I don't 'get' high heels - they are impractical, painful, narrow casing for my wide feet is never going to be the comfortable option and I wear shoes to walk - to get from one place to another. How can I do that teetering on spikes? I accept they elongate the figure, enhance shapely legs, which is why I have a couple of pristine pairs in my shoe collection that are rarely worn. I wear slippers around the house and for the most part I wear Wellies when I step outside. Sometimes Wellies won't do; work, a meeting, lunch with friends, going out for dinner - in all these cases I have to wear something else. But I am all too aware that there will always be walking involved, possibly with a little less control and decorum as a result of too many glasses of wine. I need shoes that are comfortable and able, with minimum fuss, to get me from where I am to where I need to be. High heels just won't do it! I'd like to look nice too, a bit of a heel is useful to add a bit of height and makes me stand better but when I am thinking about getting dressed, I am mainly doing so with what's in store for the day/evening in the forefront of my mind and decisions are made on the capacity my clothes and shoes have to get me through it.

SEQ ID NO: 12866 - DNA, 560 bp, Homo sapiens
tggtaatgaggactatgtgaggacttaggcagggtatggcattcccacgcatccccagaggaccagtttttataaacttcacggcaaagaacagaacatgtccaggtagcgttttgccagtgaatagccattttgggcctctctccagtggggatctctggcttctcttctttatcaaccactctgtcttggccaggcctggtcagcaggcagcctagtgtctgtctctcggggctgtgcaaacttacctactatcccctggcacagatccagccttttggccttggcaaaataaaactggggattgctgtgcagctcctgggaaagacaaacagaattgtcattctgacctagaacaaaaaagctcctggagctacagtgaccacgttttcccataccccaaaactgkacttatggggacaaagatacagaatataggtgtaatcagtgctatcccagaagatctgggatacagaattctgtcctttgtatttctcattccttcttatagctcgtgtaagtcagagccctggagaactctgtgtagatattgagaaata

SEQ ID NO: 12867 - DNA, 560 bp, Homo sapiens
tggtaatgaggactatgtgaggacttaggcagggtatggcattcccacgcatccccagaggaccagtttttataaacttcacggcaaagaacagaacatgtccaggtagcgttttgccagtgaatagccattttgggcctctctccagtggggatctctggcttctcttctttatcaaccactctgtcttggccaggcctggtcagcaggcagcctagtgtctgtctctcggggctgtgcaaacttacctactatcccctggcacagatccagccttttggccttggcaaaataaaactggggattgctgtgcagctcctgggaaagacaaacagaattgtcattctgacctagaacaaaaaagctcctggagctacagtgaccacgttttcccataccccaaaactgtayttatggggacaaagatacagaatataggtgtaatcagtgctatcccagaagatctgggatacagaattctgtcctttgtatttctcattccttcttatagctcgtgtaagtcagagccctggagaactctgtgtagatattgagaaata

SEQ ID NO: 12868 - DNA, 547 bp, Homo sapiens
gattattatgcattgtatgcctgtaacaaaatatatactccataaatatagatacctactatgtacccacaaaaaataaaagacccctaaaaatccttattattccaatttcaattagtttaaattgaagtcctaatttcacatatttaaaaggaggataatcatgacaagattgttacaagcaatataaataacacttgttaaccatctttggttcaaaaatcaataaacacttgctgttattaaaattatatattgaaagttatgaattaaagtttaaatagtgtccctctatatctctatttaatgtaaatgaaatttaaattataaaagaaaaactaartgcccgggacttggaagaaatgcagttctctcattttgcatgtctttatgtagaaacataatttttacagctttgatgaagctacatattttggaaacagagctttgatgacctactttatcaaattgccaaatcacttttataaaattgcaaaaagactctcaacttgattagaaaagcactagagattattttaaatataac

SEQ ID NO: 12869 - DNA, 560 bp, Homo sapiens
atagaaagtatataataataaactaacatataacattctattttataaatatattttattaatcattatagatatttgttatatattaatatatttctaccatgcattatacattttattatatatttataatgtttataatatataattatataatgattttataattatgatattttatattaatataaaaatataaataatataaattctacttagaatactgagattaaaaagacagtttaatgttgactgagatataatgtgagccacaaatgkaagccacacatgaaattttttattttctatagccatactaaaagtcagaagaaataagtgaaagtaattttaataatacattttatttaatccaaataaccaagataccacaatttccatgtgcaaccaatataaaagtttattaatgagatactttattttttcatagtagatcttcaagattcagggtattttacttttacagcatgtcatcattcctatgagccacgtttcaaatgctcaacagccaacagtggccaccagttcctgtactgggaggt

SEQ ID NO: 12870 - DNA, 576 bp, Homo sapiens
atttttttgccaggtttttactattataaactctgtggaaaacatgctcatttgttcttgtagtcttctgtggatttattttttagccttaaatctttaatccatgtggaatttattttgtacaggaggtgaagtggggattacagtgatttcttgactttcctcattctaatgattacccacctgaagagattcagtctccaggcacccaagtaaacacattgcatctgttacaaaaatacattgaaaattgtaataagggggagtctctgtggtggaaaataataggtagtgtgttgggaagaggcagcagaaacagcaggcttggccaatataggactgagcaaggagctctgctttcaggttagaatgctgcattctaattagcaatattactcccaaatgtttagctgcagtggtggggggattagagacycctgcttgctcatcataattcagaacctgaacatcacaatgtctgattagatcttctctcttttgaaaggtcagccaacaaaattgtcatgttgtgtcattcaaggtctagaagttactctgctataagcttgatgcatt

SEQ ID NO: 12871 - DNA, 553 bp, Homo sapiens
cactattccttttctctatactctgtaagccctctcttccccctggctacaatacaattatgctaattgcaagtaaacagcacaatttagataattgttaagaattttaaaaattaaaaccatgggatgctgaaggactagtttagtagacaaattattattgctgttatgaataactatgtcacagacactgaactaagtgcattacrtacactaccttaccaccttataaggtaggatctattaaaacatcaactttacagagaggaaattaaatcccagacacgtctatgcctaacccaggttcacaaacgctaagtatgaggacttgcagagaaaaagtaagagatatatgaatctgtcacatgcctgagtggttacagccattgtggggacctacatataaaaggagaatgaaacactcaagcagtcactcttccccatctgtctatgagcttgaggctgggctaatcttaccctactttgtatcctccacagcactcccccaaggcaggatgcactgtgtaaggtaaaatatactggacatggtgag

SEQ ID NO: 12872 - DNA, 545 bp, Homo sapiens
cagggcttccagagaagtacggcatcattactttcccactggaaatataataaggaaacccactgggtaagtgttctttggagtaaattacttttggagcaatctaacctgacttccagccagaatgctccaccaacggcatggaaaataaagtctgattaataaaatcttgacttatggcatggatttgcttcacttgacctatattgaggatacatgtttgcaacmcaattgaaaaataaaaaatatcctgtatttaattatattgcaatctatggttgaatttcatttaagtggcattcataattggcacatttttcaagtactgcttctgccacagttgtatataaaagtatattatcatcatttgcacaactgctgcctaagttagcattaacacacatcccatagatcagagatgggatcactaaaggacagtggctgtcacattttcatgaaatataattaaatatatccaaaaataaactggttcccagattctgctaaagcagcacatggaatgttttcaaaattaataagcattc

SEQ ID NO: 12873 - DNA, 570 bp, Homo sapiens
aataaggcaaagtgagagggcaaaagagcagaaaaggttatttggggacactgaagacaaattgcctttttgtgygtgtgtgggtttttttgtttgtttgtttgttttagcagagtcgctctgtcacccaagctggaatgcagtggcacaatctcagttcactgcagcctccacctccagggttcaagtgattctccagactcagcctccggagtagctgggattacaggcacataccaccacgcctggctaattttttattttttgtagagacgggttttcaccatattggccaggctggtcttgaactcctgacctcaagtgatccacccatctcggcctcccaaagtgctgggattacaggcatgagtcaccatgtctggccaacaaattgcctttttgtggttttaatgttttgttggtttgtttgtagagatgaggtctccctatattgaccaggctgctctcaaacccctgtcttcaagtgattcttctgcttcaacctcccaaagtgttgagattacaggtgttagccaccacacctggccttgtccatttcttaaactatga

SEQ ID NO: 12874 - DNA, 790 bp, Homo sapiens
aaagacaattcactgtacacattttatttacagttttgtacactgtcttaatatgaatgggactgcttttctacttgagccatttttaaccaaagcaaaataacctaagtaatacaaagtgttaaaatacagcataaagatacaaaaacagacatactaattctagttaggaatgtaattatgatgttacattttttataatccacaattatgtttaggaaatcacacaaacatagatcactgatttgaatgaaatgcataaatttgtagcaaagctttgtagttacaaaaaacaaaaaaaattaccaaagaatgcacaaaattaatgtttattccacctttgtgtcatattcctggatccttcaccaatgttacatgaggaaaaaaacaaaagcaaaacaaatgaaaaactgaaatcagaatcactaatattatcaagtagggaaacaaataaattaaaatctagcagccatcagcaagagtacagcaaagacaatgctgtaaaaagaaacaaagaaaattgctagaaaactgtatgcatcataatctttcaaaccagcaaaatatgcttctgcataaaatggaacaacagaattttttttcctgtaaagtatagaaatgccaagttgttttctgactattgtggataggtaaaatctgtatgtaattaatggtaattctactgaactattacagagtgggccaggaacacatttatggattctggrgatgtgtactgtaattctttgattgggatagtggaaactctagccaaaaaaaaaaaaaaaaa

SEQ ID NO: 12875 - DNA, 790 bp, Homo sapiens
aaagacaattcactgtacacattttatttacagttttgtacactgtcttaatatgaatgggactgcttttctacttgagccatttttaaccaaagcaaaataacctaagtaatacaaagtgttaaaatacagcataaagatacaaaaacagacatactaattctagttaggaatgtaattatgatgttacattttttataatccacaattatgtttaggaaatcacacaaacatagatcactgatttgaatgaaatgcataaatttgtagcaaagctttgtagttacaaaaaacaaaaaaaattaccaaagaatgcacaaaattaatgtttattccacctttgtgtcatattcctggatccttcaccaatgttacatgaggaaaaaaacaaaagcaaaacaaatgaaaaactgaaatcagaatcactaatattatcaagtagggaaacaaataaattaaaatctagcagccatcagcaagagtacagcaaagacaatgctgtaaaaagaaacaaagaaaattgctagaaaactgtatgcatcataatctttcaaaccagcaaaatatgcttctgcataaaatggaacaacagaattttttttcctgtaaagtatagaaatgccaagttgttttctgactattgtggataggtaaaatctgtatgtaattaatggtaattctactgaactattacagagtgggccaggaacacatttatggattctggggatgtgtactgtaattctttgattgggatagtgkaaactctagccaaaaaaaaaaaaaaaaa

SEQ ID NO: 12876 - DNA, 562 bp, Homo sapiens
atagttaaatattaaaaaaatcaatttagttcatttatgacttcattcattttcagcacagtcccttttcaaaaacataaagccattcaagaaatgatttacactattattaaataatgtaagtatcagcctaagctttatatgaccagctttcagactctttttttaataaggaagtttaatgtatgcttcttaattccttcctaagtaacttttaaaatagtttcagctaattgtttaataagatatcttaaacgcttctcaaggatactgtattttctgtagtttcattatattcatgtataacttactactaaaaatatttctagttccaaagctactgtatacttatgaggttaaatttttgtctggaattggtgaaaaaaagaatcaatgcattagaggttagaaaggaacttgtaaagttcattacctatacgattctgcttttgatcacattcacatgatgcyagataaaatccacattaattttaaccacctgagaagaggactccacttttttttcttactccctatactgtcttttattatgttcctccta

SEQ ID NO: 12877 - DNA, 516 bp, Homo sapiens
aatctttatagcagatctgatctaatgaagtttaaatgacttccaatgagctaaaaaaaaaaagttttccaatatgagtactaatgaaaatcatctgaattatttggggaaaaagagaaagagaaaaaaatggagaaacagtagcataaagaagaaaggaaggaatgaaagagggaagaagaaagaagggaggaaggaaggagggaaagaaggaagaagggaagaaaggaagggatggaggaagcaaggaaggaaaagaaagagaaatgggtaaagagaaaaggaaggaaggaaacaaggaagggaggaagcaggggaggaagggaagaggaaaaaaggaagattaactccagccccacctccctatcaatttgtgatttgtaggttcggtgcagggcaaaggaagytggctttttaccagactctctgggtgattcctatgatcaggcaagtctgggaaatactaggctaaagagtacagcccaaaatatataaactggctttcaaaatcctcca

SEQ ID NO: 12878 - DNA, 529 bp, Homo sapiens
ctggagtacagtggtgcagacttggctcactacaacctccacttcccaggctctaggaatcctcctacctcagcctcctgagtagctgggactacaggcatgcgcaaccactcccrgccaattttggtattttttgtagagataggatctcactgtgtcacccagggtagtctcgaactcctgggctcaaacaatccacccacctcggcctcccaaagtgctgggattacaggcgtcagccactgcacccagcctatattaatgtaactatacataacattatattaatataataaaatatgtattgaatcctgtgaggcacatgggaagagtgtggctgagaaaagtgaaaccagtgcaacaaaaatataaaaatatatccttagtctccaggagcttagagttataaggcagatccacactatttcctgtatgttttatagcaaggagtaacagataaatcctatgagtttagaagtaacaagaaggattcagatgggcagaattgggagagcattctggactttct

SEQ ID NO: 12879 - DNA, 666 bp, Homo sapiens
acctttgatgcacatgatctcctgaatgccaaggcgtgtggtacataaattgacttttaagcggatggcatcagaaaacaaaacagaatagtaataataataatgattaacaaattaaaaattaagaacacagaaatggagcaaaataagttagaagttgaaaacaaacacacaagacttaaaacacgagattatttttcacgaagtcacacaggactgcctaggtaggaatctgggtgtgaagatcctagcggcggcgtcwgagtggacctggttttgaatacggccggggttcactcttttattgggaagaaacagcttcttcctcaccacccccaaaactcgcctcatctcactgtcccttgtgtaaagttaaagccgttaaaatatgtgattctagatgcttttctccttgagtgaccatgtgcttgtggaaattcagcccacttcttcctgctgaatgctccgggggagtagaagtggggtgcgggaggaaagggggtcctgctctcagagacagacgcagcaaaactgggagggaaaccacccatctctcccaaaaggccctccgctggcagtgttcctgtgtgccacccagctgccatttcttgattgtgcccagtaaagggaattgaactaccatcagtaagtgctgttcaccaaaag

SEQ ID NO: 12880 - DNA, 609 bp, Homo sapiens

Kinaesthetic representation dominates for me, its all about how it feels and how I will feel with decisions I make and have to live with. Thus, I find it difficult to connect with people whose perspective is dominated from a visual representation - they are far less interested in how something feels, for them it's about how things look. I know these people, they're the ones who have the capacity to make me feel scruffy and inferior by just looking at me!
I wonder to what extent our dominating representational systems impact on us as readers and writers...
Do I feel more comfortable with writers who are predisposed to represent the world in ways that are similar to my own? I think I probably do...
When I am writing, am I more likely to represent characters in ways which reflect how I internally represent the world? I think I probably am...
I did a test to 'assess' how I tend to represent the world, kinaesthetic scored equally high with Auditory Digital. I give my characters a lot of self talk, this is typical of the auditory/digital - LOTS of self talk, maybe all writers have this as a dominating system???
In order to build a range of complex characters I need to be able to engage with the world in different ways to allow them to do so... Although I know my way of seeing the world is right and high heels just plain wrong! I do concede that the world would be a far poorer landscape if it were only populated by people who appreciate the world as I do - where would the conflict come from? And without the conflict where would the good stories come from???